Editorial: Traffic Enforcement and Crime Fighting

In the name of social justice, a number of American cities are taking armed officers off of traffic duty. That’s a big mistake.

David Griffith 2017 Headshot

It’s not news to you that traffic enforcement is one of the most difficult and dangerous parts of police work. The person at the wheel during a traffic stop could be a family woman driving her kids home from school who misses a stoplight, or a middle-aged store owner who just bought a sports car and is punching it a little too hard down the road, or a stoned high school kid weaving, or…a two-time felon in possession of a gun.

Traffic stops are also politically dangerous. Not only is there a chance that you could pull over a local or national politician, celebrity, or sports celebrity and trigger what retired police chief and POLICE Advisory Board member Bill Harvey calls an acute political event (APE), but traffic stop statistics are going to be used to determine if you and the agency you work for are biased. If your agency is stopping more persons of color than white persons, those stats will be used against you without any consideration of context and circumstances. A primary doctrine of the anti-police movement is that traffic stops are white supremacist by their very nature.

So a number of jurisdictions are trying to end traffic stops as we know them. Some are assigning traffic duties to non-sworn and unarmed personnel, and some are limiting traffic stops to serious offenses such as driving while under the influence, reckless driving, and maybe serious speeding. This is primarily happening in cities with progressive governments where social justice theater is more important than public safety.

One of the first cities to change its policies for traffic enforcement was Berkeley, CA. Not exactly a big surprise, given the politics of the city and its history of left-wing activism. In July 2020, just two months after the George Floyd in-custody death and the riots it sparked, Berkeley created a Department of Transportation that is supposed to make and enforce traffic stops. It was part of the city council’s push to cut police spending. Other cities that have adjusted the ways their police enforce traffic violations include Minneapolis and, of course, Portland and Seattle.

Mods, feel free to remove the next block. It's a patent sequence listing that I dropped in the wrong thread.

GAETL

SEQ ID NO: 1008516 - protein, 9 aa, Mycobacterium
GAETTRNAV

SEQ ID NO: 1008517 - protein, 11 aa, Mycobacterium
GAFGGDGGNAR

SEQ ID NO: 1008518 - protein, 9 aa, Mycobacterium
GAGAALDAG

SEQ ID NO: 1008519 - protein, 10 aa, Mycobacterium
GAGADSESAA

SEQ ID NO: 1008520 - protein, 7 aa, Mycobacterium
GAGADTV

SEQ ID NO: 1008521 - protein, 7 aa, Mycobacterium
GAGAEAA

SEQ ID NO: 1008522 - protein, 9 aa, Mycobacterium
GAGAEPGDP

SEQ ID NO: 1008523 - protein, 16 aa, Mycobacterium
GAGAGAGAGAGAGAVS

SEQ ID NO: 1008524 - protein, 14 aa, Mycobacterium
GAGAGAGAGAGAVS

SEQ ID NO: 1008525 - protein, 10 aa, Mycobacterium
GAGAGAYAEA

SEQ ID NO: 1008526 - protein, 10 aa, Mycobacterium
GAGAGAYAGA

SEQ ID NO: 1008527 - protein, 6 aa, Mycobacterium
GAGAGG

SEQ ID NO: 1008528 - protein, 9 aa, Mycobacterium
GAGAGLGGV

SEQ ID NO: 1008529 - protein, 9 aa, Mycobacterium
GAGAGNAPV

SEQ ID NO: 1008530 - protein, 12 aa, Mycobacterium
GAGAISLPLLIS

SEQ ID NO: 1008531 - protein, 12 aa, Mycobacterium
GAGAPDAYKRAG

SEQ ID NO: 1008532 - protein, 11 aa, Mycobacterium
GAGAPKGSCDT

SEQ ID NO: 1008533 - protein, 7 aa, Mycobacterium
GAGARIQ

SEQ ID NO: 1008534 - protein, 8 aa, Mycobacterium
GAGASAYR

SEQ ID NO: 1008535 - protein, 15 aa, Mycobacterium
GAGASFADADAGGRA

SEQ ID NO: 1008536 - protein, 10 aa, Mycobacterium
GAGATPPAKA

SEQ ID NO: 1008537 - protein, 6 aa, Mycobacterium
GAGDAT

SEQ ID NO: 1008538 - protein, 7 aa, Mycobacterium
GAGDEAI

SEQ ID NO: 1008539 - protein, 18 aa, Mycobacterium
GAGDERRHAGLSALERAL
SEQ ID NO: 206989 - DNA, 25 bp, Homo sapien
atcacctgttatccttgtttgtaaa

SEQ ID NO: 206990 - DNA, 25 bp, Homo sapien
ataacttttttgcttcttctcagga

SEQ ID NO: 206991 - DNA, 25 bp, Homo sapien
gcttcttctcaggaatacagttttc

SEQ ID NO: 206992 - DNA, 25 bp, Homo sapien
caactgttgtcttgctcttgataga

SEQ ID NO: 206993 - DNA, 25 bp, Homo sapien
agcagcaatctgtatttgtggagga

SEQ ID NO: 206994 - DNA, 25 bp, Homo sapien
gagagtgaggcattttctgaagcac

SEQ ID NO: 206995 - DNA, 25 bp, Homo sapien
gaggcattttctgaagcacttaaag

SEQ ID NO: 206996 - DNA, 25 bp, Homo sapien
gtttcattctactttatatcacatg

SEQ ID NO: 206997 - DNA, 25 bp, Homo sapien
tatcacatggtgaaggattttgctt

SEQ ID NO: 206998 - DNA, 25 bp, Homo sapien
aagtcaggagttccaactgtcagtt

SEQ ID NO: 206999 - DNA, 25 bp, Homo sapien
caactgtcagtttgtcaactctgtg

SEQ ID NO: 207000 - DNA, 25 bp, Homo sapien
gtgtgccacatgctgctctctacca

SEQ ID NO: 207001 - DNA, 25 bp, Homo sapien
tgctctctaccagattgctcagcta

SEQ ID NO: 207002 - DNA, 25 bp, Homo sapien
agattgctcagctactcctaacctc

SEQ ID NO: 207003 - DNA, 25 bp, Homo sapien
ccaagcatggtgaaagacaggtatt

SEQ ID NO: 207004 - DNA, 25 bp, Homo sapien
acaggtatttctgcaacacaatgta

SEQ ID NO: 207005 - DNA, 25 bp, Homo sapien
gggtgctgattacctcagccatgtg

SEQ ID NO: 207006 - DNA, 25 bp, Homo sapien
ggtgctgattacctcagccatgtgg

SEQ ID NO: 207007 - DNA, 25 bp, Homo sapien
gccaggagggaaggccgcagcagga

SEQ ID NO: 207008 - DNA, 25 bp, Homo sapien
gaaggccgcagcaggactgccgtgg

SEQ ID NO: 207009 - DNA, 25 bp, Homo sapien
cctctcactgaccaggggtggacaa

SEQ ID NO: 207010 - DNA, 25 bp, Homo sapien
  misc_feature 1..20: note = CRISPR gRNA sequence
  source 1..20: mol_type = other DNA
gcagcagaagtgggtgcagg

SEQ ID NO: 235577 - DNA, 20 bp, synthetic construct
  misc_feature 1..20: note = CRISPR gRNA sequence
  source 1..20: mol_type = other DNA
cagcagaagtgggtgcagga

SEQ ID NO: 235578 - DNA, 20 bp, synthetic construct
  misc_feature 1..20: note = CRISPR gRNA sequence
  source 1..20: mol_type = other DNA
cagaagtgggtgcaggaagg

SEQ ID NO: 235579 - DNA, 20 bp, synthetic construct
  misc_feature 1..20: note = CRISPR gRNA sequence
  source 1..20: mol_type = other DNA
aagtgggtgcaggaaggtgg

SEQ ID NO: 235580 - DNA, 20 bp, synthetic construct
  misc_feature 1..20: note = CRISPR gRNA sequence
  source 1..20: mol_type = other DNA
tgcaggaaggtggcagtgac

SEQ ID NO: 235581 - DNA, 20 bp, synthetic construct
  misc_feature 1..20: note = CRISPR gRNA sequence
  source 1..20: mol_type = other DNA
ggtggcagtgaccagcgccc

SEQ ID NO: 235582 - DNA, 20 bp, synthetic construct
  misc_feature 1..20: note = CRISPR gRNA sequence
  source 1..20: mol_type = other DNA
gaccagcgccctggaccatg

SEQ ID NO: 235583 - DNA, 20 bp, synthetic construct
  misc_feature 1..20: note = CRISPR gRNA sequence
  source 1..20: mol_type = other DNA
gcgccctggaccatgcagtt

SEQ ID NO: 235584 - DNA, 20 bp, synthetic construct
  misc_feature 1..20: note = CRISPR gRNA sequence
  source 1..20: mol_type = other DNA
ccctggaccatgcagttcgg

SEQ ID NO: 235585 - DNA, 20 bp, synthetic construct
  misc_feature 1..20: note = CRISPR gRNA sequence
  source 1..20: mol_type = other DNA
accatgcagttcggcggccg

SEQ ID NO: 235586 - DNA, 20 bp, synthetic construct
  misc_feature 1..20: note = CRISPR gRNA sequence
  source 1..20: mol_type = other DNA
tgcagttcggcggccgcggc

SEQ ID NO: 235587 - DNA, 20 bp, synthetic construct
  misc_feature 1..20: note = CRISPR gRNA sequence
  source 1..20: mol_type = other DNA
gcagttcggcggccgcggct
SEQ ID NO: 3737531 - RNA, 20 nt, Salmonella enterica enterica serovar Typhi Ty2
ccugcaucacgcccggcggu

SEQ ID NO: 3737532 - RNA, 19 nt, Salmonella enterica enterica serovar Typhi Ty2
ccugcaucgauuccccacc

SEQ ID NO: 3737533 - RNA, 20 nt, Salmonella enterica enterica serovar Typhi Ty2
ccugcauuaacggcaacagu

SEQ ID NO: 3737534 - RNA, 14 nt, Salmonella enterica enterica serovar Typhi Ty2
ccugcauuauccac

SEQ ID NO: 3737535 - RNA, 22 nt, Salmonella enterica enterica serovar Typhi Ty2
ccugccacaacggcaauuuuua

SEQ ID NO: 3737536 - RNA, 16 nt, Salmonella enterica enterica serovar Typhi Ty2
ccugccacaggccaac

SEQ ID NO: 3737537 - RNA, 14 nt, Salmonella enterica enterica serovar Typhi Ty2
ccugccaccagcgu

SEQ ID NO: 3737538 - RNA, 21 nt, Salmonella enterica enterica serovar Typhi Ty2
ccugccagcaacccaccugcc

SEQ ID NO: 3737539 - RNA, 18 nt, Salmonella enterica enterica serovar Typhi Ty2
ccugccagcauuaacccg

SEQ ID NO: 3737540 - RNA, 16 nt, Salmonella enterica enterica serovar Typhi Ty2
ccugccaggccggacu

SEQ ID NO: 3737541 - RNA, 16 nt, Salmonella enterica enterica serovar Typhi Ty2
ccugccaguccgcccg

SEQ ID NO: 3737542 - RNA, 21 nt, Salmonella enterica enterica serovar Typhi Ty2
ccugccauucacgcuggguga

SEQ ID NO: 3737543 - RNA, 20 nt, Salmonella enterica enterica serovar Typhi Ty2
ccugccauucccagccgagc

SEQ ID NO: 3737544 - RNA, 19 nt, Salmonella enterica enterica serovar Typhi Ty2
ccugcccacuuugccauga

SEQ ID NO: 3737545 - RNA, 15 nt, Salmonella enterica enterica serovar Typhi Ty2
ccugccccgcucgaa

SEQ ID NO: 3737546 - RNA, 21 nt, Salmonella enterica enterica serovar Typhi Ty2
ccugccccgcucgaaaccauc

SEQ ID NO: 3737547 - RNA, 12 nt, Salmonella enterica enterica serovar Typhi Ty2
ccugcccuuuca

Often a city decides to change its traffic enforcement program after a police encounter that went terribly wrong. Such is the case with Brooklyn Center, MN, the Minneapolis suburb where former officer Kimberly Potter shot and killed Daunte Wright. That incident began with a traffic stop for an expired tag and an air freshener hanging from Wright’s rearview mirror (a violation of Minnesota law). It snowballed when officers discovered that Wright had a failure to appear warrant on a weapons violation and tried to arrest him. Wright resisted and Potter shot him—I believe accidentally. Immediately afterward, the Brooklyn Center City Council passed a resolution to create a non-sworn unit to handle non-moving traffic violations.

Finally, there’s Philadelphia. The city is planning to hire unarmed traffic officers. Let’s be frank. It’s likely that Berkeley and Brooklyn Center can get away with unarmed traffic enforcement. But Philadelphia is one of the most dangerous cities in the nation. It hit 500 murders by the week after Thanksgiving this year…and that was a record. This plan was actually in motion before the Floyd incident, but the city says its implementation was delayed by the pandemic, and the unarmed traffic officers will not be on the street until spring 2022. I believe the leaders of Philadelphia are stalling because they know this plan is stupid.

Most officers who comment on PoliceMag.com regarding stories about unarmed, non-sworn traffic enforcement believe this experiment is going to end with murdered traffic officers. I think it’s going to result in total non-enforcement of traffic laws—other than maybe DUI and extreme speeding in these cities—and a future push to automate all traffic tickets.

There are multiple problems with automating all ticketing, but the one I want to address is that it deprives law enforcement of opportunities to locate criminals and prevent them from committing additional crimes. Historically, traffic stops resulted in the arrests of serial killer Ted Bundy and Oklahoma City bomber Timothy McVeigh. But those cases are ancient history. If you want to defend law enforcement traffic stops look at the work of Detroit officers at the end of last year.

According to the 2020 census, Detroit is only 10.7% white. That means almost every traffic stop in the city involves a person of color, mostly black motorists. But the city is not handcuffing its officers. In fact the Detroit Police Department is actively praising the good work its cops do at traffic stops on social media. During two recent traffic stops, Detroit officers rescued children from a kidnapping and rescued young women from sex trafficking.

It’s strange advice given the history of the motor city since the 1960s. But when it comes to traffic stops, American cities should look to Detroit as a role model and praise their cops for crime fighting.

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David Griffith 2017 Headshot
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